In what can be said to be a kick against money laundering and financial fraud, the Russian government championed by the legislature has placed a ban on anonymous wallet deposits in the country.
The passage of the ban is separate from the actual regulatory framework for the crypto industry set out in the bill “On Digital Currency,” or DA, which Russian authorities will decide in December. A comment made was that the results of this legislation may eventually “come as a surprise.”
Russia needs to regulate crypto in a way that it does not interfere with their financial sovereignty. Although positive in outlook, regulations related to crypto alarms those who do business related to cryptocurrencies.
Russia is set to prohibit crypto payments next year, following a new law signed by the Russian President. This stems from the government’s recent statement that the legalization of crypto activities poses certain risks. However, as an alternative, the law endorsed transactions with so-called digital financial assets (DFA), which are tokenized securities.
10 million crypto users in the country affected
Russia has been pondering over the idea to regulate crypto in a way that it does not interfere with their financial sovereignty, however despite numerous rumors from time to time about positive regulations, the government’s stance has been quite passive.
Reportedly, the move would harm over 10 million crypto users in the country. However, the lawmakers in a statement released remained adamant about curbing financial fraud alongside other illegal activities like drug trading, terrorism, among others, through crypto.
With the ban on anonymous wallets deposits in Russia, citizens and residents are no longer enabled to deposit cash for cryptos anymore as they can only top up wallets via bank transfers ensuring crypto users leave a digital print.
Alongside crypto wallet deposits, transport and travel cards are also captured in the ban as Russians now have to send money to metro cards through online bank transfers.
Why ban anonymous wallet deposits?
Russian legislators have been working on a set of laws to govern a special category of rights – so-called “digital financial assets” – in an attempt to bring regulation to token and coin offerings and transactions with these assets.
The policy outlawing anonymous wallet deposits in Russia came as an amendment to the national payments system. The law has been passed since 2019 but just being imposed after a year, allowing wallet platforms have enough time to adapt business processes accordingly.
These changes have been made to minimize the risks of transactions with anonymous cards and electronic wallets,” a central bank representative said.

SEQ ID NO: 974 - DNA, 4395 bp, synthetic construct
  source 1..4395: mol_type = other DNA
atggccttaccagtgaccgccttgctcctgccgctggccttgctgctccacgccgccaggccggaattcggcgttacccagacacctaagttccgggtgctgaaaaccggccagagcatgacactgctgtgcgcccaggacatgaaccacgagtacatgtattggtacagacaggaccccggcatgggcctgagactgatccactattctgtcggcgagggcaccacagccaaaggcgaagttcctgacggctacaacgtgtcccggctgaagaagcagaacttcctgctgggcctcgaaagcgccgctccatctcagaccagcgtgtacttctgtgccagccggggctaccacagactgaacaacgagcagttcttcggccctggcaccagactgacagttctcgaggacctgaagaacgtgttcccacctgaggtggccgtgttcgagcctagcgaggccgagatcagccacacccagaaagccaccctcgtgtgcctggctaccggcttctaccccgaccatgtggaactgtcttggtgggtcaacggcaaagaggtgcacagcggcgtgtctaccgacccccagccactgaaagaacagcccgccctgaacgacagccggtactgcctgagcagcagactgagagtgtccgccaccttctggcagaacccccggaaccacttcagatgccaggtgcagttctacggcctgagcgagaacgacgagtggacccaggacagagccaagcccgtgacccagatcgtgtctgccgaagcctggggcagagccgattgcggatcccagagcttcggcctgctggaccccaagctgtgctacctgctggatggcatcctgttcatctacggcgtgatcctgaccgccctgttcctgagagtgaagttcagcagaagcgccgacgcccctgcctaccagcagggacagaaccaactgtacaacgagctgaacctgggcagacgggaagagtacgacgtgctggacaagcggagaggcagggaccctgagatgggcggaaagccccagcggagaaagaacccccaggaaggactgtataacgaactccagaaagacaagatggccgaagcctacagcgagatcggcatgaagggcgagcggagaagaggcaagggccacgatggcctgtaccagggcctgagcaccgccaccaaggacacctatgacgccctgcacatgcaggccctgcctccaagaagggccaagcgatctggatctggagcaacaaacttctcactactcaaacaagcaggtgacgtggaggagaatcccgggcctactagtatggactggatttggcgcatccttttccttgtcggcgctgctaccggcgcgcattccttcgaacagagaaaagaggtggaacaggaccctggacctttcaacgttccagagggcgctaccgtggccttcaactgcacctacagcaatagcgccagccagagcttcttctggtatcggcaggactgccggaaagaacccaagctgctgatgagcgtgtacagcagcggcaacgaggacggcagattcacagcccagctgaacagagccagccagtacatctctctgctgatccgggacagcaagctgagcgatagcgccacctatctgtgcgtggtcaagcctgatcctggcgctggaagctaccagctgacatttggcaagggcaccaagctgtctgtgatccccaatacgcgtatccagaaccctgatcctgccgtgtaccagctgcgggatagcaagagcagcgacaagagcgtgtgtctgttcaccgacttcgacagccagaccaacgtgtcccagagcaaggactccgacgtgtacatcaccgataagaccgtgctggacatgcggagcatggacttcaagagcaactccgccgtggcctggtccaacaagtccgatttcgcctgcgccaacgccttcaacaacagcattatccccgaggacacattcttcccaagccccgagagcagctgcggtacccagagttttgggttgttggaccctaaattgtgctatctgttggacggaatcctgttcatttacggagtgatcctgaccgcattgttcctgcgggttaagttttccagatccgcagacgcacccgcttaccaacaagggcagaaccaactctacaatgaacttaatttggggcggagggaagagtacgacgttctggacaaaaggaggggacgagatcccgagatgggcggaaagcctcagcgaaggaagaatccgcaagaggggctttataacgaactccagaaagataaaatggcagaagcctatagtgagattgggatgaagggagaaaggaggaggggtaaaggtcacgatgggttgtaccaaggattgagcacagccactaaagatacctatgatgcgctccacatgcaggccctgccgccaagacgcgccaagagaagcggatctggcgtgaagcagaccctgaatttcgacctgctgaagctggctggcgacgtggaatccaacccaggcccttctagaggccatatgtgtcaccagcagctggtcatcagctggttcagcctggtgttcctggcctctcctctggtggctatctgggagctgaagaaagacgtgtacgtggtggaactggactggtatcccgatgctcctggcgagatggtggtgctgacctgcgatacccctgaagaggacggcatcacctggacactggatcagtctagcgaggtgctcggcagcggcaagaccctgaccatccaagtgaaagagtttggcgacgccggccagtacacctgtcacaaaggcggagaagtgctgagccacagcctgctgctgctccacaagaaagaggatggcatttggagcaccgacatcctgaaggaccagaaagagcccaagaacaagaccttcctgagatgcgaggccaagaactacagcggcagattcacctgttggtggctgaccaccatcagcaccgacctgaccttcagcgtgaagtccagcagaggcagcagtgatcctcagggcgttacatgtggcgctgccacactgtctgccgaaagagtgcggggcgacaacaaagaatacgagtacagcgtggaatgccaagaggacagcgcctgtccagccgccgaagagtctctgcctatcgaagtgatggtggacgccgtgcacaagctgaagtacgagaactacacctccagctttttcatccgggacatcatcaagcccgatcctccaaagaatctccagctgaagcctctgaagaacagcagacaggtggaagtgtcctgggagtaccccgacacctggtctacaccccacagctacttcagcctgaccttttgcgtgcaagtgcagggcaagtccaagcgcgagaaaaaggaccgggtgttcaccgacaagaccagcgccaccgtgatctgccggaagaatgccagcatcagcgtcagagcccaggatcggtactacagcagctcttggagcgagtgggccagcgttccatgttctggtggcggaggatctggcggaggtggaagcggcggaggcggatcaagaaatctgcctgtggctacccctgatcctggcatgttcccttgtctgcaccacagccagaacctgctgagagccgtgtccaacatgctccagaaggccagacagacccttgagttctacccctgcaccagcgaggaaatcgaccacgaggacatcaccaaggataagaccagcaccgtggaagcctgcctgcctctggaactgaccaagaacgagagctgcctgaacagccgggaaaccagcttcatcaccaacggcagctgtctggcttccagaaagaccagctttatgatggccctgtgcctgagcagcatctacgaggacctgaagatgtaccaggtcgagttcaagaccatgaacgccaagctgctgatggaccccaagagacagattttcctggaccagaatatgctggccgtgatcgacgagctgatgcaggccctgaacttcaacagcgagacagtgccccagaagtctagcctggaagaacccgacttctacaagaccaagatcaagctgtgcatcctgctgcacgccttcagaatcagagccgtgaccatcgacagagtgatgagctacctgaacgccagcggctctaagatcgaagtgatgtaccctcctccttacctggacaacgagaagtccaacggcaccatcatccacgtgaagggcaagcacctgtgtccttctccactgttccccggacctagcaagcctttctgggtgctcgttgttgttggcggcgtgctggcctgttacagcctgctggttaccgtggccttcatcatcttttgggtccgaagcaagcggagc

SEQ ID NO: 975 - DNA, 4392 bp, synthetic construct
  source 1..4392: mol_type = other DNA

Ban effect to be minimal on blockchain
According to Antonina Levashenko, an economist, she believes this ban would have little or no impact on the blockchain space in the country. However, the ban is expected to be extended to virtual currencies in the country.
Another crypto stakeholder in Russia, Maria Stankevich, a manager at EXMO crypto exchange, believes the anonymous wallet deposits ban would be effective only on exchange firms that take compliance seriously.
Russia’s President Vladimir Putin recently signed a law that bans crypto as a mode of payment and instead sees the digital asset as a property rather than a means of making payment.
A plan by the Russian State Duma was evaluated as well as approved as early as in March 2019. These policies were related to new cryptocurrencies policies. On the other hand, Igor Yusufov, the previous Energy Minister has proposed cryptocurrency that is backed with oil.
Meanwhile, Alexander Konovalov the Minister of Justice said that formalization of cryptocurrencies legislation is too early. He also argued on the use of crypto as the legit method of payment. The constant shuffling of allegiances for cryptocurrencies and related processes might be linked to the current economy post-COVID.
The greatest fear might still be realized as some local people already expressed the worst scenario:
People who currently own cryptocurrencies will be forced to get rid of them before the law comes into force or risk ‘going underground.’ Goals that will be achieved this way are the direct opposite of what’s being declared. In general, the idea of
dropping a crypto ‘Iron Curtain,’ in my opinion, does not contribute to the development of businesses or Russia’s interaction with the world economy on a digital level.